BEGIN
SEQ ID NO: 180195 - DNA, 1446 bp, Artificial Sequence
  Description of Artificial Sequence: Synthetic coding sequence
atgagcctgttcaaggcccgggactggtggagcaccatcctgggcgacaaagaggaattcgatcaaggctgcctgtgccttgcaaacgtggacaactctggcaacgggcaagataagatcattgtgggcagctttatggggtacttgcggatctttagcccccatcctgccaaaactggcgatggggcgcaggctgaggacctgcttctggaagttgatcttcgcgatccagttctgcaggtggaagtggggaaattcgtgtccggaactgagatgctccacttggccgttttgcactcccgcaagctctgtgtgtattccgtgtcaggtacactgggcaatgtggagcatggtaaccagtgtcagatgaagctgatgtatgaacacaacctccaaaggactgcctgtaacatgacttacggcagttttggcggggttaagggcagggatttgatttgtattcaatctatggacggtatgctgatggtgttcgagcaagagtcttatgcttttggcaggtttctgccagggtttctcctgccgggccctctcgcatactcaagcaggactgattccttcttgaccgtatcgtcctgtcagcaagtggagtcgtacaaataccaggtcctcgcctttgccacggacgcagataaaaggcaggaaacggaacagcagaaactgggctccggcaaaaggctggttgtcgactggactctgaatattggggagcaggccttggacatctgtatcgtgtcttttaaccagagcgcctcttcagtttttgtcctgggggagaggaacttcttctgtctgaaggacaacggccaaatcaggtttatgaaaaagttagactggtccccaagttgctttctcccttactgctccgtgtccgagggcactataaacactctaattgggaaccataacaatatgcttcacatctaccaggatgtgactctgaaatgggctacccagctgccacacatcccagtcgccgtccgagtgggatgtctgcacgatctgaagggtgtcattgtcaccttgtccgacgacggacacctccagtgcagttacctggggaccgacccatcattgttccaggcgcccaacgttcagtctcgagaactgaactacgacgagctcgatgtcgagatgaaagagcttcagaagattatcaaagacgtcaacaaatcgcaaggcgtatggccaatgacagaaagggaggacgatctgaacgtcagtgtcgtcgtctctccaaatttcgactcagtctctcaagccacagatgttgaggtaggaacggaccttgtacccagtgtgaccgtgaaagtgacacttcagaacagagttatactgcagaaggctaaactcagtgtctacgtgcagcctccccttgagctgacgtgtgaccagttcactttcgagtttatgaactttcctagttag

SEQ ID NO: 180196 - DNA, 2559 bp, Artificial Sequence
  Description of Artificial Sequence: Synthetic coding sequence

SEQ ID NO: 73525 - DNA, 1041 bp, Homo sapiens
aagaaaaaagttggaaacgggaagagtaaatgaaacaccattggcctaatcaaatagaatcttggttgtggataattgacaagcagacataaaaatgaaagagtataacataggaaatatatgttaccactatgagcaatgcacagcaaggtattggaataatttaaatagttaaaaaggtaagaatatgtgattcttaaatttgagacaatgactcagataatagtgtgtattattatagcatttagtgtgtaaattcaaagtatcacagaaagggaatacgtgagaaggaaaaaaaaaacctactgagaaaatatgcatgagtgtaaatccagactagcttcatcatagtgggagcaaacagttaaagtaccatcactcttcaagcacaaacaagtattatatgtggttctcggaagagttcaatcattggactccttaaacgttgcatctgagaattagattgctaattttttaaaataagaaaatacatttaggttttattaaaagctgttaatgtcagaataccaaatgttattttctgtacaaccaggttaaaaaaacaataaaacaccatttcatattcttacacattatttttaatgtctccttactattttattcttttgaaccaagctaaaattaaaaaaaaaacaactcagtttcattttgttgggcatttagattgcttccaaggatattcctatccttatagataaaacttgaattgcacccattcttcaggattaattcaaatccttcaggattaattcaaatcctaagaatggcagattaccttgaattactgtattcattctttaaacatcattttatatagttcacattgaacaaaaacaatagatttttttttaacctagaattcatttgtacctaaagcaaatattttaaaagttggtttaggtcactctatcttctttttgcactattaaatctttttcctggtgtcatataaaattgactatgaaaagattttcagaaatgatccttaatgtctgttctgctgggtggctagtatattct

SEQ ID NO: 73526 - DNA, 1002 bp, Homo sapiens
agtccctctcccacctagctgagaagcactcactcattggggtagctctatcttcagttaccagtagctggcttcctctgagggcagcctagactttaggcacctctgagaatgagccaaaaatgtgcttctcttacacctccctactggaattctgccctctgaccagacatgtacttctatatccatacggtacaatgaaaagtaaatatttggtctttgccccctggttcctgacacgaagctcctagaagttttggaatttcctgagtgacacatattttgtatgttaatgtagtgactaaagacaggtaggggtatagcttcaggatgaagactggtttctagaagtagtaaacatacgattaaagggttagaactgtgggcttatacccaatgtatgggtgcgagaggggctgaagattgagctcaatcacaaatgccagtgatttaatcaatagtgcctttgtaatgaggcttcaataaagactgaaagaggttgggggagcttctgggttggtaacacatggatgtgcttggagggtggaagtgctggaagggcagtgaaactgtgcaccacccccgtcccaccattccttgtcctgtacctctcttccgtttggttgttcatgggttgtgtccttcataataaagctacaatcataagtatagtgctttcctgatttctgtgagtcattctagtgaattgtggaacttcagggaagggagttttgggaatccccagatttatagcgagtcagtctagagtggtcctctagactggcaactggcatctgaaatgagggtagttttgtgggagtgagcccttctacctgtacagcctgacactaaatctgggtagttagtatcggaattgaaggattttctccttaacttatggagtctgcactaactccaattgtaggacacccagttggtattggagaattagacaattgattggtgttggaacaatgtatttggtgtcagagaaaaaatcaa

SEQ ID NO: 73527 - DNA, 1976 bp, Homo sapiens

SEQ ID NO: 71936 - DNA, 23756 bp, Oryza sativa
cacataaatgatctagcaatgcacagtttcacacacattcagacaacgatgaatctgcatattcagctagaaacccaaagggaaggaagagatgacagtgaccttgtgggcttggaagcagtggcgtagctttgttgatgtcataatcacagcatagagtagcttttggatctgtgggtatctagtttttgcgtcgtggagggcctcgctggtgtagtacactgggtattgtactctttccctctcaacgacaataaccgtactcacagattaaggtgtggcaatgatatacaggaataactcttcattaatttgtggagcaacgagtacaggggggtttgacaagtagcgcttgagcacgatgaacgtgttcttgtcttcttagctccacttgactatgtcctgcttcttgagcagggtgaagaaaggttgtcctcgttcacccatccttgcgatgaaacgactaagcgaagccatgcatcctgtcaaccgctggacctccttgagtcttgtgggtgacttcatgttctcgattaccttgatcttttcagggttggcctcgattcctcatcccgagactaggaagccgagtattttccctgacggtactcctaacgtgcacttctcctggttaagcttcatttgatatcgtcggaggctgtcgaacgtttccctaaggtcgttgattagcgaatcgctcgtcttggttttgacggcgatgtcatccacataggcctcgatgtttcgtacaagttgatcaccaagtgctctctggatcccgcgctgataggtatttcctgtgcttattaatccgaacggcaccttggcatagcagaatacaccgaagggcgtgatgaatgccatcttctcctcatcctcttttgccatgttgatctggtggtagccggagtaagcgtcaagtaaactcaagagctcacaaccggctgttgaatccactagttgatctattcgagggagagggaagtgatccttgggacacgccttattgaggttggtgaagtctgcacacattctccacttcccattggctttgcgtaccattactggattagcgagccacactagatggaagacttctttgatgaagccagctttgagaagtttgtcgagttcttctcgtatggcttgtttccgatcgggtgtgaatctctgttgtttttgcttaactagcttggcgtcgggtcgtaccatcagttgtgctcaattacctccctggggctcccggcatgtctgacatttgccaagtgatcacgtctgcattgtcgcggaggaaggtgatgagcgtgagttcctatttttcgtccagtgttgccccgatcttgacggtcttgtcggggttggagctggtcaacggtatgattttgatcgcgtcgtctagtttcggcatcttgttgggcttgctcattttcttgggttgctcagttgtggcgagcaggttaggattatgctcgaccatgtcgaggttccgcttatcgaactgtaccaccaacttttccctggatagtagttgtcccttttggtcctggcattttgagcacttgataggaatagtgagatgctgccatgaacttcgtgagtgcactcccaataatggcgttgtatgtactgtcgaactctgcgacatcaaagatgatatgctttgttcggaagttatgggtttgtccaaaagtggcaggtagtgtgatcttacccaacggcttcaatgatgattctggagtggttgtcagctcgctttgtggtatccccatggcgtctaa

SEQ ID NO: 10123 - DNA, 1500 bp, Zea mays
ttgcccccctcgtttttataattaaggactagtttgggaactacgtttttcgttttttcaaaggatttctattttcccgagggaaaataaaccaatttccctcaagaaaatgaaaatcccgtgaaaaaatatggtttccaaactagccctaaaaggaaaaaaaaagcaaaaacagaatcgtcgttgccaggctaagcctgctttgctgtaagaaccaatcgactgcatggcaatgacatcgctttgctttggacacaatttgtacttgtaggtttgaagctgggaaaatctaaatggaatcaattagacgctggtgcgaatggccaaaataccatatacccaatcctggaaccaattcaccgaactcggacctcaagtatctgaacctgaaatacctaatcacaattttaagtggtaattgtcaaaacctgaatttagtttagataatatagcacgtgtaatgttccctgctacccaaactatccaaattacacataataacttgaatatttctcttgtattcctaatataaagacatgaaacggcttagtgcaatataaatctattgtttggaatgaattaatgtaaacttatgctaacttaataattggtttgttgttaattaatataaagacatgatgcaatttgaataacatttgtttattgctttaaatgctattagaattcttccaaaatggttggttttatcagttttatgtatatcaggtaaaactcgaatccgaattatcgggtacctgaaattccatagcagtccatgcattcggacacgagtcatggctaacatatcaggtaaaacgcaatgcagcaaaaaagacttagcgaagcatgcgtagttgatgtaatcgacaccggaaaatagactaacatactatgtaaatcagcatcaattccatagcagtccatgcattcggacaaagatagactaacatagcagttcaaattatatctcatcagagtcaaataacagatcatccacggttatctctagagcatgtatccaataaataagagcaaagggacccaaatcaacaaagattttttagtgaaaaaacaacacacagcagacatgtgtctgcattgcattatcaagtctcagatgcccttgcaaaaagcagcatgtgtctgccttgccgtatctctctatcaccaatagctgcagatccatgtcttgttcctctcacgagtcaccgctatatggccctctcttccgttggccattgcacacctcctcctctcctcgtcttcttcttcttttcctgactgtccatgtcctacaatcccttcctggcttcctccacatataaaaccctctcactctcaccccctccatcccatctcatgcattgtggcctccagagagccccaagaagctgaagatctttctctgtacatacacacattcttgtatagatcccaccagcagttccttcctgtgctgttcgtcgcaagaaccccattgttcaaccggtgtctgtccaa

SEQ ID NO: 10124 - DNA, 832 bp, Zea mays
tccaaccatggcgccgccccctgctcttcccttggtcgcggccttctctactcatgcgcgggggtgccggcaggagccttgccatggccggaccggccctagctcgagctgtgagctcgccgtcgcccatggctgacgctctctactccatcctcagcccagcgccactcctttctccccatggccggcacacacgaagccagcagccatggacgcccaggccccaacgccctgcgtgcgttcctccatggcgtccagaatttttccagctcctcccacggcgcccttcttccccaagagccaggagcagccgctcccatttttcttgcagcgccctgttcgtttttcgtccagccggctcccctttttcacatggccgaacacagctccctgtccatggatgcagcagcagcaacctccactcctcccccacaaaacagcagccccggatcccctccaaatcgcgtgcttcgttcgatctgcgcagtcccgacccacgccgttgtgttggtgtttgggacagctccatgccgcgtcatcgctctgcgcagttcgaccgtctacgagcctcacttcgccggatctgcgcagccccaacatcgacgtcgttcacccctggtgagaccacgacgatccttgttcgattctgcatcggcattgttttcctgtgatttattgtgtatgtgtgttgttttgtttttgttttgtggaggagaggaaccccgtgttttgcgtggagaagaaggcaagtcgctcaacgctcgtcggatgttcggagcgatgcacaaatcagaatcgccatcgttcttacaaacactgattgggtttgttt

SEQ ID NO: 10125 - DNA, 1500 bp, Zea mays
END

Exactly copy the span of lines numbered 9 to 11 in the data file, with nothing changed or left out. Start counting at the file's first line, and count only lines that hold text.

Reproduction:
agtccctctcccacctagctgagaagcactcactcattggggtagctctatcttcagttaccagtagctggcttcctctgagggcagcctagactttaggcacctctgagaatgagccaaaaatgtgcttctcttacacctccctactggaattctgccctctgaccagacatgtacttctatatccatacggtacaatgaaaagtaaatatttggtctttgccccctggttcctgacacgaagctcctagaagttttggaatttcctgagtgacacatattttgtatgttaatgtagtgactaaagacaggtaggggtatagcttcaggatgaagactggtttctagaagtagtaaacatacgattaaagggttagaactgtgggcttatacccaatgtatgggtgcgagaggggctgaagattgagctcaatcacaaatgccagtgatttaatcaatagtgcctttgtaatgaggcttcaataaagactgaaagaggttgggggagcttctgggttggtaacacatggatgtgcttggagggtggaagtgctggaagggcagtgaaactgtgcaccacccccgtcccaccattccttgtcctgtacctctcttccgtttggttgttcatgggttgtgtccttcataataaagctacaatcataagtatagtgctttcctgatttctgtgagtcattctagtgaattgtggaacttcagggaagggagttttgggaatccccagatttatagcgagtcagtctagagtggtcctctagactggcaactggcatctgaaatgagggtagttttgtgggagtgagcccttctacctgtacagcctgacactaaatctgggtagttagtatcggaattgaaggattttctccttaacttatggagtctgcactaactccaattgtaggacacccagttggtattggagaattagacaattgattggtgttggaacaatgtatttggtgtcagagaaaaaatcaa

SEQ ID NO: 73527 - DNA, 1976 bp, Homo sapiens

SEQ ID NO: 71936 - DNA, 23756 bp, Oryza sativa